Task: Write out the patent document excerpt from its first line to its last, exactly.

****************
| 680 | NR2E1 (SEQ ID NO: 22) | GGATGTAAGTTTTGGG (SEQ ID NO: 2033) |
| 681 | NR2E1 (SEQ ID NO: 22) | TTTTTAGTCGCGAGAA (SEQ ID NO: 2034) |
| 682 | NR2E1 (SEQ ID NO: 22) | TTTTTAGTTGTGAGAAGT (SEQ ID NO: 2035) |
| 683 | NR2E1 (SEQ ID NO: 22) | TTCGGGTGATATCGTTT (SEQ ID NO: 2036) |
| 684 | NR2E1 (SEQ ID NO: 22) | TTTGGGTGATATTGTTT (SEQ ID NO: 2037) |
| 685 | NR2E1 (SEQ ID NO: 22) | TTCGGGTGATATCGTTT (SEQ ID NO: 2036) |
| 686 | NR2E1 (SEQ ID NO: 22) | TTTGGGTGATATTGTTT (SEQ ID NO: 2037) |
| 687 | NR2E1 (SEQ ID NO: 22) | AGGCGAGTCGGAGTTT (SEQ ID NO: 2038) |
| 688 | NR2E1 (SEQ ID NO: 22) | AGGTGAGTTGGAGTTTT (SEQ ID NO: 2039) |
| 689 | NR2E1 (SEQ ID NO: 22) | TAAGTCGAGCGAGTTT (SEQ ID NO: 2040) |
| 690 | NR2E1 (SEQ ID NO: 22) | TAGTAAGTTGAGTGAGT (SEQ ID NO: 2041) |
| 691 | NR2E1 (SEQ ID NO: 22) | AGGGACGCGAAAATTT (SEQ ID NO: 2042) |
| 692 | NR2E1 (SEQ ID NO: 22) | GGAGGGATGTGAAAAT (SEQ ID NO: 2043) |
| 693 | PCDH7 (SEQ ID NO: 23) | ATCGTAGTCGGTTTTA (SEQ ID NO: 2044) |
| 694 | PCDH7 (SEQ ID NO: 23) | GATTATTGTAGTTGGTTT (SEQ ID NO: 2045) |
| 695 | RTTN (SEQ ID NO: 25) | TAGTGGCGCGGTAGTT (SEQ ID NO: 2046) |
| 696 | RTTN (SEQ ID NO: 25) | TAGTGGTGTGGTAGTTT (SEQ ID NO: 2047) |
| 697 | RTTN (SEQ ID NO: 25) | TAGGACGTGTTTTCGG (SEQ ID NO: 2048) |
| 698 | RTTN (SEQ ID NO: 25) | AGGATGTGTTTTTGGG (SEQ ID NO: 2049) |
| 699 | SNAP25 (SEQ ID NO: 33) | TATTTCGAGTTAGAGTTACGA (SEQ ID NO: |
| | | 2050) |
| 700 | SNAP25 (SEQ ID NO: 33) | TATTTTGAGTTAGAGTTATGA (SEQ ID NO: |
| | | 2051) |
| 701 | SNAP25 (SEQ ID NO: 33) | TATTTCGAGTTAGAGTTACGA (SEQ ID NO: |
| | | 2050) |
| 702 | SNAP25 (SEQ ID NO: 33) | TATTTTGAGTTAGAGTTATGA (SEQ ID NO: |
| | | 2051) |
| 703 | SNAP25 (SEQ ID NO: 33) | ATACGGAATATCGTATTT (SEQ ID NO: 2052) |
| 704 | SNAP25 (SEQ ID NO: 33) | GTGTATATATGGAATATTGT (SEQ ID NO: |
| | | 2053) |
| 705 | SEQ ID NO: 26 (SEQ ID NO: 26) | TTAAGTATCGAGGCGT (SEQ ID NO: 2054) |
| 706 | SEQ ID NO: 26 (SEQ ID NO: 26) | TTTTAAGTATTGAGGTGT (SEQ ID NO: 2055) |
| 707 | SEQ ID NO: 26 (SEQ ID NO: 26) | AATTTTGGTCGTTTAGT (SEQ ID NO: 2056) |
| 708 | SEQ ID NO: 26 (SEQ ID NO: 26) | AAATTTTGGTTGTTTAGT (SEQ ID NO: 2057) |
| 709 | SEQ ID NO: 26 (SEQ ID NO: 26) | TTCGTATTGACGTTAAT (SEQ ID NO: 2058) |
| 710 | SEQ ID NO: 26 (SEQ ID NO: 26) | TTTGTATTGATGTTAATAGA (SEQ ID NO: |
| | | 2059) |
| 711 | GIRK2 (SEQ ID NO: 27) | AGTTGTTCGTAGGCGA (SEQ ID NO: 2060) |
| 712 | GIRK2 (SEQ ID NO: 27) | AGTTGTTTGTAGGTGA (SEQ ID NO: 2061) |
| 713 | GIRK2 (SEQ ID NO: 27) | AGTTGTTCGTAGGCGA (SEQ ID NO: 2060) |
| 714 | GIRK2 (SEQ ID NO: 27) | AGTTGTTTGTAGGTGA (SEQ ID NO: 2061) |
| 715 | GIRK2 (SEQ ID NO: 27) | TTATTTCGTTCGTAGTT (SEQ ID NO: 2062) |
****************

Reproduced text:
| 680 | NR2E1 (SEQ ID NO: 22) | GGATGTAAGTTTTGGG (SEQ ID NO: 2033) |
| 681 | NR2E1 (SEQ ID NO: 22) | TTTTTAGTCGCGAGAA (SEQ ID NO: 2034) |
| 682 | NR2E1 (SEQ ID NO: 22) | TTTTTAGTTGTGAGAAGT (SEQ ID NO: 2035) |
| 683 | NR2E1 (SEQ ID NO: 22) | TTCGGGTGATATCGTTT (SEQ ID NO: 2036) |
| 684 | NR2E1 (SEQ ID NO: 22) | TTTGGGTGATATTGTTT (SEQ ID NO: 2037) |
| 685 | NR2E1 (SEQ ID NO: 22) | TTCGGGTGATATCGTTT (SEQ ID NO: 2036) |
| 686 | NR2E1 (SEQ ID NO: 22) | TTTGGGTGATATTGTTT (SEQ ID NO: 2037) |
| 687 | NR2E1 (SEQ ID NO: 22) | AGGCGAGTCGGAGTTT (SEQ ID NO: 2038) |
| 688 | NR2E1 (SEQ ID NO: 22) | AGGTGAGTTGGAGTTTT (SEQ ID NO: 2039) |
| 689 | NR2E1 (SEQ ID NO: 22) | TAAGTCGAGCGAGTTT (SEQ ID NO: 2040) |
| 690 | NR2E1 (SEQ ID NO: 22) | TAGTAAGTTGAGTGAGT (SEQ ID NO: 2041) |
| 691 | NR2E1 (SEQ ID NO: 22) | AGGGACGCGAAAATTT (SEQ ID NO: 2042) |
| 692 | NR2E1 (SEQ ID NO: 22) | GGAGGGATGTGAAAAT (SEQ ID NO: 2043) |
| 693 | PCDH7 (SEQ ID NO: 23) | ATCGTAGTCGGTTTTA (SEQ ID NO: 2044) |
| 694 | PCDH7 (SEQ ID NO: 23) | GATTATTGTAGTTGGTTT (SEQ ID NO: 2045) |
| 695 | RTTN (SEQ ID NO: 25) | TAGTGGCGCGGTAGTT (SEQ ID NO: 2046) |
| 696 | RTTN (SEQ ID NO: 25) | TAGTGGTGTGGTAGTTT (SEQ ID NO: 2047) |
| 697 | RTTN (SEQ ID NO: 25) | TAGGACGTGTTTTCGG (SEQ ID NO: 2048) |
| 698 | RTTN (SEQ ID NO: 25) | AGGATGTGTTTTTGGG (SEQ ID NO: 2049) |
| 699 | SNAP25 (SEQ ID NO: 33) | TATTTCGAGTTAGAGTTACGA (SEQ ID NO: |
| | | 2050) |
| 700 | SNAP25 (SEQ ID NO: 33) | TATTTTGAGTTAGAGTTATGA (SEQ ID NO: |
| | | 2051) |
| 701 | SNAP25 (SEQ ID NO: 33) | TATTTCGAGTTAGAGTTACGA (SEQ ID NO: |
| | | 2050) |
| 702 | SNAP25 (SEQ ID NO: 33) | TATTTTGAGTTAGAGTTATGA (SEQ ID NO: |
| | | 2051) |
| 703 | SNAP25 (SEQ ID NO: 33) | ATACGGAATATCGTATTT (SEQ ID NO: 2052) |
| 704 | SNAP25 (SEQ ID NO: 33) | GTGTATATATGGAATATTGT (SEQ ID NO: |
| | | 2053) |
| 705 | SEQ ID NO: 26 (SEQ ID NO: 26) | TTAAGTATCGAGGCGT (SEQ ID NO: 2054) |
| 706 | SEQ ID NO: 26 (SEQ ID NO: 26) | TTTTAAGTATTGAGGTGT (SEQ ID NO: 2055) |
| 707 | SEQ ID NO: 26 (SEQ ID NO: 26) | AATTTTGGTCGTTTAGT (SEQ ID NO: 2056) |
| 708 | SEQ ID NO: 26 (SEQ ID NO: 26) | AAATTTTGGTTGTTTAGT (SEQ ID NO: 2057) |
| 709 | SEQ ID NO: 26 (SEQ ID NO: 26) | TTCGTATTGACGTTAAT (SEQ ID NO: 2058) |
| 710 | SEQ ID NO: 26 (SEQ ID NO: 26) | TTTGTATTGATGTTAATAGA (SEQ ID NO: |
| | | 2059) |
| 711 | GIRK2 (SEQ ID NO: 27) | AGTTGTTCGTAGGCGA (SEQ ID NO: 2060) |
| 712 | GIRK2 (SEQ ID NO: 27) | AGTTGTTTGTAGGTGA (SEQ ID NO: 2061) |
| 713 | GIRK2 (SEQ ID NO: 27) | AGTTGTTCGTAGGCGA (SEQ ID NO: 2060) |
| 714 | GIRK2 (SEQ ID NO: 27) | AGTTGTTTGTAGGTGA (SEQ ID NO: 2061) |
| 715 | GIRK2 (SEQ ID NO: 27) | TTATTTCGTTCGTAGTT (SEQ ID NO: 2062) |